Be optimistic, encourage healthy habits, and don’t smother.
Be on the lookout for changes in moods or behavior.
Attend a support group. Get individual or family therapy.
A critical part of recovery is remembering that it is a lifelong process both for people with the addiction and for their families. By understanding the challenges that often come with efforts to heal, families can be prepared to support their loved ones and themselves throughout this journey.
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Helping someone you care about recover from a substance abuse disorder can seem like a daunting task, but there are certain things you can do to help your loved ones feel supported in their mission to live sober:
It’s important to be a positive force in your loved ones' lives as they continue to work through negative emotions and impulses.
If your loved ones begin showing one or more of the following signs, it’s possible they are at risk of relapsing:
If you think that your loved ones may relapse, it’s important to gently bring up your concern. Telling them how much you care about them is a good way to start. Then you can let them know that you’ve noticed they’re acting differently and that you’re worried.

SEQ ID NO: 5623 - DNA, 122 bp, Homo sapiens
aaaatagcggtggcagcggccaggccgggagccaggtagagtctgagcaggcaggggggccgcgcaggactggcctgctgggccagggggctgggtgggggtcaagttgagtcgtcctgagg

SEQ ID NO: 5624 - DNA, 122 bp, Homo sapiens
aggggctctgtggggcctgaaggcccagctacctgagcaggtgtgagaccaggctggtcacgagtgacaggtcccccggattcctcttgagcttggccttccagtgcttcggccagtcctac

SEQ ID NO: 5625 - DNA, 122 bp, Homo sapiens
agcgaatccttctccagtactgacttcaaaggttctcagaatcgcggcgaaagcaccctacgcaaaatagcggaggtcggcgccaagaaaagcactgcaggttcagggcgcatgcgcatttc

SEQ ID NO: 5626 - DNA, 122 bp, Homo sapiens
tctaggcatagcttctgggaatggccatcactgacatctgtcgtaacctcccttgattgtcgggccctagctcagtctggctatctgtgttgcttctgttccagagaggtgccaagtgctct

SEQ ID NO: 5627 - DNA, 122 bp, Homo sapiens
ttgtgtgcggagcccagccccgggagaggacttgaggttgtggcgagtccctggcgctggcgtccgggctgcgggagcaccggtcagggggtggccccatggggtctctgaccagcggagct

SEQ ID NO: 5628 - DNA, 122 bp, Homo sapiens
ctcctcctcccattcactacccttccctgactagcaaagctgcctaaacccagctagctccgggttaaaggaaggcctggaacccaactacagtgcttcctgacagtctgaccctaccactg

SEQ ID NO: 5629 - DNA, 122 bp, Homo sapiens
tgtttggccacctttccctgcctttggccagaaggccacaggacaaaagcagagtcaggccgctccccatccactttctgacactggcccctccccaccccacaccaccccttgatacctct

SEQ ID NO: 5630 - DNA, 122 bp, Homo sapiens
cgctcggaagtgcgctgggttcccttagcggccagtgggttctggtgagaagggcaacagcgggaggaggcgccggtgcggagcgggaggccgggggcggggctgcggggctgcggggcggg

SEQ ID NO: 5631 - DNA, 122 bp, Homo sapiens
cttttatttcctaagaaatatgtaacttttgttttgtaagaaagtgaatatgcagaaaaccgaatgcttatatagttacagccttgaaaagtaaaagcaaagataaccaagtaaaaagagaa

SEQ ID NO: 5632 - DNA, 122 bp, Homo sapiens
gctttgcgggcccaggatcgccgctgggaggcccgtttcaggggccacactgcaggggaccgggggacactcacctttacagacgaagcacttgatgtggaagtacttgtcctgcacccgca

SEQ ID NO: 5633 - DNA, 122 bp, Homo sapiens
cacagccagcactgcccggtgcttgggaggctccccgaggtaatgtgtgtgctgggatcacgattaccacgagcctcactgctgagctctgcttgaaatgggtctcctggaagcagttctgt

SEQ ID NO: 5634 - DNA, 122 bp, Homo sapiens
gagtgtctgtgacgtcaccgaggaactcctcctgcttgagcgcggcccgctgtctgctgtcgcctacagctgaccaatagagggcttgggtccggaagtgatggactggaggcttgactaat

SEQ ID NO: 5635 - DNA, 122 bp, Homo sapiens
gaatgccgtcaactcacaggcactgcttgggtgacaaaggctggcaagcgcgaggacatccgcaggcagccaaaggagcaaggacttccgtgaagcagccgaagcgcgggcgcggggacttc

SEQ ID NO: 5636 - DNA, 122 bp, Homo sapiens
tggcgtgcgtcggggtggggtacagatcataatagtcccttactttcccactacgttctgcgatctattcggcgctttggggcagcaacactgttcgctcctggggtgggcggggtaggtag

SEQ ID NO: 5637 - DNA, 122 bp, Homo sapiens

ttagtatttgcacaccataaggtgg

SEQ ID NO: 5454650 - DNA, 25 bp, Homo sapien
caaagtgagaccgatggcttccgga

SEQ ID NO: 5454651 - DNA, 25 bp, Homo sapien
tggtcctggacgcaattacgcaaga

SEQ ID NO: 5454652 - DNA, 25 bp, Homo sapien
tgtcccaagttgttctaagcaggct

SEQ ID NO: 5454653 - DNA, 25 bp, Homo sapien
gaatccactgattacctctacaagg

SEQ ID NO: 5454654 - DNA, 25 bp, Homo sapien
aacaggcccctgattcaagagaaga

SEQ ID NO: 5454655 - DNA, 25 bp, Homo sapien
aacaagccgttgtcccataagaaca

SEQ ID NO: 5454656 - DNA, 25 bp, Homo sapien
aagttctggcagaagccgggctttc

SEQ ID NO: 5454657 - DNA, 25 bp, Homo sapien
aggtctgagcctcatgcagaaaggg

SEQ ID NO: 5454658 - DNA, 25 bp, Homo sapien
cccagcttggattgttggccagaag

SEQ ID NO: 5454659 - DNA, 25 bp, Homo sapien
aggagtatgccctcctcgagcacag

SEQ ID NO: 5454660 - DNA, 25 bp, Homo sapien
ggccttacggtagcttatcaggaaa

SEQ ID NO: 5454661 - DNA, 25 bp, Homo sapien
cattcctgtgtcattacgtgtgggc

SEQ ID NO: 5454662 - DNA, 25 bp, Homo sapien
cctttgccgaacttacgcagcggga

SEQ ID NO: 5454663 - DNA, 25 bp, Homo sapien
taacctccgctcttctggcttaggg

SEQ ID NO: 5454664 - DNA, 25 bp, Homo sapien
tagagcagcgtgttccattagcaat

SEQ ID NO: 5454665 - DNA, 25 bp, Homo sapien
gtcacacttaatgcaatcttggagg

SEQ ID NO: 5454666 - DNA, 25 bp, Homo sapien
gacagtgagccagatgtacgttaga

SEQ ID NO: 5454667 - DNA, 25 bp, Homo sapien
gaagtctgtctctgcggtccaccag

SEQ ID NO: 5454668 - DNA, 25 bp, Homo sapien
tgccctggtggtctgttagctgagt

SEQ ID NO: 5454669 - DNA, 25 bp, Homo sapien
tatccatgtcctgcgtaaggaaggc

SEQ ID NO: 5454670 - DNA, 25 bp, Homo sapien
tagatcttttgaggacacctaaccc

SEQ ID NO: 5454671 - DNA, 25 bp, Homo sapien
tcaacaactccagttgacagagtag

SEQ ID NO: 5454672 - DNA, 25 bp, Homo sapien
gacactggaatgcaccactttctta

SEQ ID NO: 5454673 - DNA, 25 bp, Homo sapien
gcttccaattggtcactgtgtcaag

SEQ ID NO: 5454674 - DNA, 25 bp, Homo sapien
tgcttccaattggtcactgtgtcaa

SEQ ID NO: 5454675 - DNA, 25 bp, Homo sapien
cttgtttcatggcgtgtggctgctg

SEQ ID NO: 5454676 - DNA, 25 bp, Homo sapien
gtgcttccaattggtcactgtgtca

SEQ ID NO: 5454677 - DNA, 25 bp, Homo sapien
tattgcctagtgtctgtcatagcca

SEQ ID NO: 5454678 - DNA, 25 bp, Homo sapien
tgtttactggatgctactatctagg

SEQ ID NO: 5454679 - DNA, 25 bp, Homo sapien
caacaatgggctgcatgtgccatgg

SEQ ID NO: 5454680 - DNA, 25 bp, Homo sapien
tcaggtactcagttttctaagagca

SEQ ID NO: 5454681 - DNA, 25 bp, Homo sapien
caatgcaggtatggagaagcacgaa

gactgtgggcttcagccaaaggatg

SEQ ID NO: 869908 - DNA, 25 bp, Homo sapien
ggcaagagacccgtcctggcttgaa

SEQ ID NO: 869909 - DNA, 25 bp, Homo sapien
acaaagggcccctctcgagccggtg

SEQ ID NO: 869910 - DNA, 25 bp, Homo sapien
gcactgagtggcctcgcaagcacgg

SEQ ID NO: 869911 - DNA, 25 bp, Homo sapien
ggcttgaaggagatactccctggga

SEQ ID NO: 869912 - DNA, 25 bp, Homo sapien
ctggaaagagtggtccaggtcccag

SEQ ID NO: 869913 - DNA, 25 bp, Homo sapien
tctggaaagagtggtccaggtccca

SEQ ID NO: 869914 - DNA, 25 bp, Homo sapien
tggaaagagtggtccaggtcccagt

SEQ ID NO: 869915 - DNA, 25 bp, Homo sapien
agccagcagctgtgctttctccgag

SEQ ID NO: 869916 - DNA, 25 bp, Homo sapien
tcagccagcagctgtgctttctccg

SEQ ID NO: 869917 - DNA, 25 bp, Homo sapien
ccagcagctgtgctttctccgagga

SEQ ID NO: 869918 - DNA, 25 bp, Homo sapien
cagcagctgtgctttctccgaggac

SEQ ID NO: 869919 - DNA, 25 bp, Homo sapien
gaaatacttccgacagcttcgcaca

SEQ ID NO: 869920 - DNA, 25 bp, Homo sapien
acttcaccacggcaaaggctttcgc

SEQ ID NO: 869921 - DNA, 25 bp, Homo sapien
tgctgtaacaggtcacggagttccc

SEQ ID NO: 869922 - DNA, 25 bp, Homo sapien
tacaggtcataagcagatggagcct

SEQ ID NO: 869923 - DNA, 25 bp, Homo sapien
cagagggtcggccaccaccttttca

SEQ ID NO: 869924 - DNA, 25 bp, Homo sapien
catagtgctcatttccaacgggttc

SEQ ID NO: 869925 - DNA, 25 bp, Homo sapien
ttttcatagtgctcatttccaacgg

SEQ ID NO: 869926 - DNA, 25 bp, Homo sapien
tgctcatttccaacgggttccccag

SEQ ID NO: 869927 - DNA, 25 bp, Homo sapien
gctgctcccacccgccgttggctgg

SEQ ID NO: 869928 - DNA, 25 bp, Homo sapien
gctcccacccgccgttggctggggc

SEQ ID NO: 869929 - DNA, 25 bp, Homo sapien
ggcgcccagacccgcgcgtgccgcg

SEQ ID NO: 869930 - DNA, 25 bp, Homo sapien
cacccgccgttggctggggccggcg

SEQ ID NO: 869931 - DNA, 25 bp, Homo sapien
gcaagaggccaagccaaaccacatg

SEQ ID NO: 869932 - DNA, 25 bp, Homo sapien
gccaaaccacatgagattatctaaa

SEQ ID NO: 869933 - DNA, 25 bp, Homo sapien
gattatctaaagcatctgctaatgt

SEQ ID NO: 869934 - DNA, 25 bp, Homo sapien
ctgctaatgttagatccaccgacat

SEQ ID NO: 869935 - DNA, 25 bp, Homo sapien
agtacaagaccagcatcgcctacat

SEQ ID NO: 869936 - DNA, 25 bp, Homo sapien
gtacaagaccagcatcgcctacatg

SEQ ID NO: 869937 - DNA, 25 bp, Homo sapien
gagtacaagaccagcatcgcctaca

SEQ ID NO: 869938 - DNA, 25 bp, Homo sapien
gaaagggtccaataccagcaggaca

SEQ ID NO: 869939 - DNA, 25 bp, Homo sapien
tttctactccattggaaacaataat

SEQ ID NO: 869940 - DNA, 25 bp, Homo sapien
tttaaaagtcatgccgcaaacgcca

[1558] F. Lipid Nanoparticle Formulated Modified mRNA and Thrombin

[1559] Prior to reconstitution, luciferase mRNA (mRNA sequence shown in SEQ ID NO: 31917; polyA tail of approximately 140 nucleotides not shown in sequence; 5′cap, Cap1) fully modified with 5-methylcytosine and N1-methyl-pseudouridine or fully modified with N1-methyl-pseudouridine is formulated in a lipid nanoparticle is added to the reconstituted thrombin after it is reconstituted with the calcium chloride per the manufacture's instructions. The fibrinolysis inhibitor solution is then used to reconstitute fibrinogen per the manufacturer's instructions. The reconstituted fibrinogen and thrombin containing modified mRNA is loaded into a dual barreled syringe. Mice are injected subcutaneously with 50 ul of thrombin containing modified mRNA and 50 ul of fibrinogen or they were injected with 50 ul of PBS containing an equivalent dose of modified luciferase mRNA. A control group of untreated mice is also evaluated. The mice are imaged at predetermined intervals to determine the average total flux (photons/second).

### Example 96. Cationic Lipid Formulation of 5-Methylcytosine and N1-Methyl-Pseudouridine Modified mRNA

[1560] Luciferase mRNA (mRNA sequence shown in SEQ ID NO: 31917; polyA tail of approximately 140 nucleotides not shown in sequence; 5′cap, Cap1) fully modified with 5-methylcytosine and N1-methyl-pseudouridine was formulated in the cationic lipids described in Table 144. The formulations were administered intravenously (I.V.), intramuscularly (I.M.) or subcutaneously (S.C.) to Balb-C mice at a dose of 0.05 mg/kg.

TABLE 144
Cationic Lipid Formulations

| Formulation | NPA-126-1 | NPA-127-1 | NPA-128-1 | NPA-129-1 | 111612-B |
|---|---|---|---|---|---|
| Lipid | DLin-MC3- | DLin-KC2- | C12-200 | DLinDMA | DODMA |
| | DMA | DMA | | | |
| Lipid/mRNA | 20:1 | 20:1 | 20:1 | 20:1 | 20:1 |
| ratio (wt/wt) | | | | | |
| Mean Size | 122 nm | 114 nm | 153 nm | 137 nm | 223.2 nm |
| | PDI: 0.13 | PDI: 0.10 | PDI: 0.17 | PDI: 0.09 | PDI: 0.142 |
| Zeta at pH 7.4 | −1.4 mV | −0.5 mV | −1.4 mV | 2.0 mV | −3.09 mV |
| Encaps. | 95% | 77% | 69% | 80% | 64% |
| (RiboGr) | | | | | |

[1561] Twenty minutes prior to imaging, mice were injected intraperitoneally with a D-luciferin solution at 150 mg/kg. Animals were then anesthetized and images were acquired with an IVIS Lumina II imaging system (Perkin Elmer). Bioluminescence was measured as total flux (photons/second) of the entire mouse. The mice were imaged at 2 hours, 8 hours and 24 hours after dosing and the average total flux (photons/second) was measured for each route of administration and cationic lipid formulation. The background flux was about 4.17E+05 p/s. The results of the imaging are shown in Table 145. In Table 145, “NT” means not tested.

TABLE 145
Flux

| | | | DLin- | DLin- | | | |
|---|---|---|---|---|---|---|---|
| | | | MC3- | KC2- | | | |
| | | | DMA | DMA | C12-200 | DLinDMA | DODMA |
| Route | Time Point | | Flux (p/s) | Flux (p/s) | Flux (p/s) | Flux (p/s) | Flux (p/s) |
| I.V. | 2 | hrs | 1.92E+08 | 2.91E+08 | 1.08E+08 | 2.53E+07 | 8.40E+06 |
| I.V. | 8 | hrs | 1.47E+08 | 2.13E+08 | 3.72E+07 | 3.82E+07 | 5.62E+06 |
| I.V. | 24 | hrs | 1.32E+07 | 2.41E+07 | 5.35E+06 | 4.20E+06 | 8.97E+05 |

During your conversation you may want to suggest that your loved ones contact their therapist, counselor, or sponsor. They may also benefit from attending a support group session, where they can be around others who are working hard at staying sober.
It’s common for family members (especially husbands, wives, and parents) to put their own needs aside to focus on the immediate needs of a loved one in recovery. You might wonder how you can think about yourself when someone else is going through so much. It’s important to remember: You, too, have gone through so much, and your wellness and happiness matter.
Taking care of your emotional and physical needs is an essential part of the collective family healing process. Here are some ways for you to surround yourself with support as you help your loved ones on their journey toward recovery: